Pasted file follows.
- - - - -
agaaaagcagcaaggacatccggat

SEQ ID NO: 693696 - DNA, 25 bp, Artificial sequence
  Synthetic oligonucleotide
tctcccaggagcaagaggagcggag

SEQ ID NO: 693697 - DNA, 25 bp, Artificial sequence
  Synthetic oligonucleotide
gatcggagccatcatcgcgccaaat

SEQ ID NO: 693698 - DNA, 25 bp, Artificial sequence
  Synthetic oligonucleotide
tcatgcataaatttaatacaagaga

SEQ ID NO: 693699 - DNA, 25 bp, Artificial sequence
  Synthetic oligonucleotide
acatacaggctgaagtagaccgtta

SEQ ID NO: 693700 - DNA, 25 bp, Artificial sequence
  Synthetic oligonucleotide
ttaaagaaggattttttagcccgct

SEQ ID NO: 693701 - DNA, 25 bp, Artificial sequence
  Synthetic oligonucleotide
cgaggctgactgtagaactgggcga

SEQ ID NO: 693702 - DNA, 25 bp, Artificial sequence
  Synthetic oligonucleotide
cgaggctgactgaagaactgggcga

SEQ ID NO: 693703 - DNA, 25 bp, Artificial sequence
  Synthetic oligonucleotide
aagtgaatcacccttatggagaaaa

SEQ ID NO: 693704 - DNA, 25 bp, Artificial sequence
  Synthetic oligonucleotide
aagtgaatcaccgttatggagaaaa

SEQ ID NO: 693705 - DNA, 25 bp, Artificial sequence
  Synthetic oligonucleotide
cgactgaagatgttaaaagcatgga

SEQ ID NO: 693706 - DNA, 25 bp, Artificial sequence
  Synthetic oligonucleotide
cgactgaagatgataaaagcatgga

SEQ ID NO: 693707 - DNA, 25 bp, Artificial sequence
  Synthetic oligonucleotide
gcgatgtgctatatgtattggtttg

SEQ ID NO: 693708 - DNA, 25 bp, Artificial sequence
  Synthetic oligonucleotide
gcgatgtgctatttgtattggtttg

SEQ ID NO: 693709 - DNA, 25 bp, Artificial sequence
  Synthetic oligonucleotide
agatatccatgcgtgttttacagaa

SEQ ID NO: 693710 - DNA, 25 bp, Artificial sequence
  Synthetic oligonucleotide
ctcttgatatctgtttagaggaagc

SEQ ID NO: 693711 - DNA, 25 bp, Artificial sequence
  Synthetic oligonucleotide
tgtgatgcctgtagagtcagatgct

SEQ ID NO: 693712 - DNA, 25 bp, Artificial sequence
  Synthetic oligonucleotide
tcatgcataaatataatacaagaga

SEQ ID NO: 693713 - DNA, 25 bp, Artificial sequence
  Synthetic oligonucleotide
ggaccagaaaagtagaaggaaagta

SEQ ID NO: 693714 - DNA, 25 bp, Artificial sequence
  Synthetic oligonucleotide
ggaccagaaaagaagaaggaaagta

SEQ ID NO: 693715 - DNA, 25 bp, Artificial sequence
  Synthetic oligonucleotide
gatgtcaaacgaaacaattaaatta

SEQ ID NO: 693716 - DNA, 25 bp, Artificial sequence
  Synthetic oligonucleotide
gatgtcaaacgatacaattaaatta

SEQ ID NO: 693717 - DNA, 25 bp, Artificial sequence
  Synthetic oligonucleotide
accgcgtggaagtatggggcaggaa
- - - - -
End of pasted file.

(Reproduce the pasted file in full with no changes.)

agaaaagcagcaaggacatccggat

SEQ ID NO: 693696 - DNA, 25 bp, Artificial sequence
  Synthetic oligonucleotide
tctcccaggagcaagaggagcggag

SEQ ID NO: 693697 - DNA, 25 bp, Artificial sequence
  Synthetic oligonucleotide
gatcggagccatcatcgcgccaaat

SEQ ID NO: 693698 - DNA, 25 bp, Artificial sequence
  Synthetic oligonucleotide
tcatgcataaatttaatacaagaga

SEQ ID NO: 693699 - DNA, 25 bp, Artificial sequence
  Synthetic oligonucleotide
acatacaggctgaagtagaccgtta

SEQ ID NO: 693700 - DNA, 25 bp, Artificial sequence
  Synthetic oligonucleotide
ttaaagaaggattttttagcccgct

SEQ ID NO: 693701 - DNA, 25 bp, Artificial sequence
  Synthetic oligonucleotide
cgaggctgactgtagaactgggcga

SEQ ID NO: 693702 - DNA, 25 bp, Artificial sequence
  Synthetic oligonucleotide
cgaggctgactgaagaactgggcga

SEQ ID NO: 693703 - DNA, 25 bp, Artificial sequence
  Synthetic oligonucleotide
aagtgaatcacccttatggagaaaa

SEQ ID NO: 693704 - DNA, 25 bp, Artificial sequence
  Synthetic oligonucleotide
aagtgaatcaccgttatggagaaaa

SEQ ID NO: 693705 - DNA, 25 bp, Artificial sequence
  Synthetic oligonucleotide
cgactgaagatgttaaaagcatgga

SEQ ID NO: 693706 - DNA, 25 bp, Artificial sequence
  Synthetic oligonucleotide
cgactgaagatgataaaagcatgga

SEQ ID NO: 693707 - DNA, 25 bp, Artificial sequence
  Synthetic oligonucleotide
gcgatgtgctatatgtattggtttg

SEQ ID NO: 693708 - DNA, 25 bp, Artificial sequence
  Synthetic oligonucleotide
gcgatgtgctatttgtattggtttg

SEQ ID NO: 693709 - DNA, 25 bp, Artificial sequence
  Synthetic oligonucleotide
agatatccatgcgtgttttacagaa

SEQ ID NO: 693710 - DNA, 25 bp, Artificial sequence
  Synthetic oligonucleotide
ctcttgatatctgtttagaggaagc

SEQ ID NO: 693711 - DNA, 25 bp, Artificial sequence
  Synthetic oligonucleotide
tgtgatgcctgtagagtcagatgct

SEQ ID NO: 693712 - DNA, 25 bp, Artificial sequence
  Synthetic oligonucleotide
tcatgcataaatataatacaagaga

SEQ ID NO: 693713 - DNA, 25 bp, Artificial sequence
  Synthetic oligonucleotide
ggaccagaaaagtagaaggaaagta

SEQ ID NO: 693714 - DNA, 25 bp, Artificial sequence
  Synthetic oligonucleotide
ggaccagaaaagaagaaggaaagta

SEQ ID NO: 693715 - DNA, 25 bp, Artificial sequence
  Synthetic oligonucleotide
gatgtcaaacgaaacaattaaatta

SEQ ID NO: 693716 - DNA, 25 bp, Artificial sequence
  Synthetic oligonucleotide
gatgtcaaacgatacaattaaatta

SEQ ID NO: 693717 - DNA, 25 bp, Artificial sequence
  Synthetic oligonucleotide
accgcgtggaagtatggggcaggaa